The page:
Diabetes and Sickness
When you develop fever, flu, upset stomach or any other minor illness and are advised any medication, do take them along with your diabetic medication. However, inform the doctor treating your minor illness, about the diabetic medication that you are taking for diabetes. Check your blood glucose and urine for sugar and acetone (ketone bodies) frequently. Make sure, you are drinking water adequately and not getting dehydrated. Do not hesitate to contact the doctor treating your diabetes.
It is generally advised that your family and friends should know about your diabetes and the treatment you are taking. It is particularly important, if you are taking insulin. Your family and friends should also know the symptoms of hypoglycemia. Such symptoms vary from person to person, the common (usual) ones being sweating, headache, fatigue, tingling around the mouth, confusion and trembling. You may also experience throbbing of your heart (palpitations). Similarly, early warnings signs of diabetic ketoacidosis like abdominal pain, vomiting, any change in alertness and heavy breathing, need urgent medical care.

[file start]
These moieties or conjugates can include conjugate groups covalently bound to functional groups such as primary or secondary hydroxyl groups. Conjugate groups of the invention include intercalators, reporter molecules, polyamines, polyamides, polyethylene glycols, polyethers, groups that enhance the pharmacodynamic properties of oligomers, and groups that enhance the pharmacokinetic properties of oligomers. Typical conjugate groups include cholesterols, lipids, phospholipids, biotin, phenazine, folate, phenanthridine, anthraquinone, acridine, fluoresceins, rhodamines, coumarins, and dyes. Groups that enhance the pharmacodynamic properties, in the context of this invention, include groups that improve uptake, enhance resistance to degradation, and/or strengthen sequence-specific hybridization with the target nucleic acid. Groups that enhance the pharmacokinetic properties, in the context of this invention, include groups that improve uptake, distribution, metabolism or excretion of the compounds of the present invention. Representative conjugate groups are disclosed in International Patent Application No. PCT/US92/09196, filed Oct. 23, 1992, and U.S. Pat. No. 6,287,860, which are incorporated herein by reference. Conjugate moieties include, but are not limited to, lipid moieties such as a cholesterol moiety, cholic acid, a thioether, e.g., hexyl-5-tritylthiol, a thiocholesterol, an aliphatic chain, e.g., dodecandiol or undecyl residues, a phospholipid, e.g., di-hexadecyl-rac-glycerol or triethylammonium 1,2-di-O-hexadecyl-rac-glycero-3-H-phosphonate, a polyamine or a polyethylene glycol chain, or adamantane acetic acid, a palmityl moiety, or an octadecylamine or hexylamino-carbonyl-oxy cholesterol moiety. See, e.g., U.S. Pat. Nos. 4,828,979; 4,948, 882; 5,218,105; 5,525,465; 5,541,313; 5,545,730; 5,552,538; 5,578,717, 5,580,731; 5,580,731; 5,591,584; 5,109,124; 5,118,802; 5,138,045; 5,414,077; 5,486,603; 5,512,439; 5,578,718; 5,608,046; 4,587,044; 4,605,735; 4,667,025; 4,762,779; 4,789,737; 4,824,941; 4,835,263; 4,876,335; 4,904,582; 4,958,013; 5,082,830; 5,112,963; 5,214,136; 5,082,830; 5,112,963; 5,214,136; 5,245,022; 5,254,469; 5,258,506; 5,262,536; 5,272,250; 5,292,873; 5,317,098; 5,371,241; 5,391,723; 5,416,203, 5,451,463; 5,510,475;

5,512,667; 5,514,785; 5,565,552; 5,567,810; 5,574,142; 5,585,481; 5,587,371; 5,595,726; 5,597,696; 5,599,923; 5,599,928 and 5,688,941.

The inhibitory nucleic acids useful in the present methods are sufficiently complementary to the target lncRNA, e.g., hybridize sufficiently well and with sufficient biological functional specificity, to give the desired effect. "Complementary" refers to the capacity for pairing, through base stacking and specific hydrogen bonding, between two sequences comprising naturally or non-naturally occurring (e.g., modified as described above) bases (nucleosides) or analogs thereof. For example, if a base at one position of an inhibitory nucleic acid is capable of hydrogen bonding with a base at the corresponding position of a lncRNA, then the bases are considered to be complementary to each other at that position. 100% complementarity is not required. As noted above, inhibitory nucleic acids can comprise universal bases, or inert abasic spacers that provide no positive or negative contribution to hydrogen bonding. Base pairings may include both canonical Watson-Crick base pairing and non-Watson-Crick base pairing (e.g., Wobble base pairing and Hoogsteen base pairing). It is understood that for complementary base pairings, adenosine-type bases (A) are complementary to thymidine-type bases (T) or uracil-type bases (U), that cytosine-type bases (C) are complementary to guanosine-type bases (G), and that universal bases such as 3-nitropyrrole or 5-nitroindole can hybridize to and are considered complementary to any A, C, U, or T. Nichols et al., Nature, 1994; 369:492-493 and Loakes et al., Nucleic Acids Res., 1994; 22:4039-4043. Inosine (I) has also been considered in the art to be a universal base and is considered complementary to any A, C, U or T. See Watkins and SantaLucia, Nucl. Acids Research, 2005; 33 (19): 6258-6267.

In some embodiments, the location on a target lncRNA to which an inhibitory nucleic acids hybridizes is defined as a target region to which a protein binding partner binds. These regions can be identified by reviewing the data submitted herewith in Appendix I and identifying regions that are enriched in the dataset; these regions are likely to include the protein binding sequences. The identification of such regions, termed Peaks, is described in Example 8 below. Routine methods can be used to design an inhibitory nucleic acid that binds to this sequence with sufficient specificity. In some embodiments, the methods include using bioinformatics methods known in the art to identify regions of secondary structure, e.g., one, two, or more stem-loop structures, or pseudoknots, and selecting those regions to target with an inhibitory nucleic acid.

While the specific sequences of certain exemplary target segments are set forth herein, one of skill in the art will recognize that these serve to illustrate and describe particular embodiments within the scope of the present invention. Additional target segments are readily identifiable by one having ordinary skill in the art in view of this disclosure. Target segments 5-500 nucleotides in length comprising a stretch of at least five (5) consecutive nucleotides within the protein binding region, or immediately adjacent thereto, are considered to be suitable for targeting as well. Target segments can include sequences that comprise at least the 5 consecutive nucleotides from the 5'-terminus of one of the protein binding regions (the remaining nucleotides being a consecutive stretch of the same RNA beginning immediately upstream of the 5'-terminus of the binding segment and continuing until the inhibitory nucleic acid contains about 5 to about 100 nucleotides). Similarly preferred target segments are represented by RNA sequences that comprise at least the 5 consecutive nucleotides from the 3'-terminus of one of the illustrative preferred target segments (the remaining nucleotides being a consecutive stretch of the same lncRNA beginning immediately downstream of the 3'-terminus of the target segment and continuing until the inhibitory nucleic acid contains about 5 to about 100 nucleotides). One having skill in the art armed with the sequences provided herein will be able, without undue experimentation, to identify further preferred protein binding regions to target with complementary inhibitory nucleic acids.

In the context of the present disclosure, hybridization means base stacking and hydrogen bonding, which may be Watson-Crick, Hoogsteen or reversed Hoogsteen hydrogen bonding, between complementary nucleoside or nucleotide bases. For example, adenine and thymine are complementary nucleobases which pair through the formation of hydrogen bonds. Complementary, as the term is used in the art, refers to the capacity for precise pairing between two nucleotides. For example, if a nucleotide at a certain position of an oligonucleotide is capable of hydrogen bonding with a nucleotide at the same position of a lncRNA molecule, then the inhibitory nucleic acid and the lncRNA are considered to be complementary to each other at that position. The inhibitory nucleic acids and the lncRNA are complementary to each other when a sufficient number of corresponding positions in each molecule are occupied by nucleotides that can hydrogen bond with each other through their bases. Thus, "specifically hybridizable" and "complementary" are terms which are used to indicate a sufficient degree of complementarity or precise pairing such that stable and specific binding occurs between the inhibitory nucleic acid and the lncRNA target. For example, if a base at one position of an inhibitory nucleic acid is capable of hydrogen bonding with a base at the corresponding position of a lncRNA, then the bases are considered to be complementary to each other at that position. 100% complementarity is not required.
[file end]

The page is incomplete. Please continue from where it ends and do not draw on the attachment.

In the event of your admission to a hospital for an ailment unrelated to diabetes, make sure to carry your recent blood sugar and other ‘test’ reports and treatment records.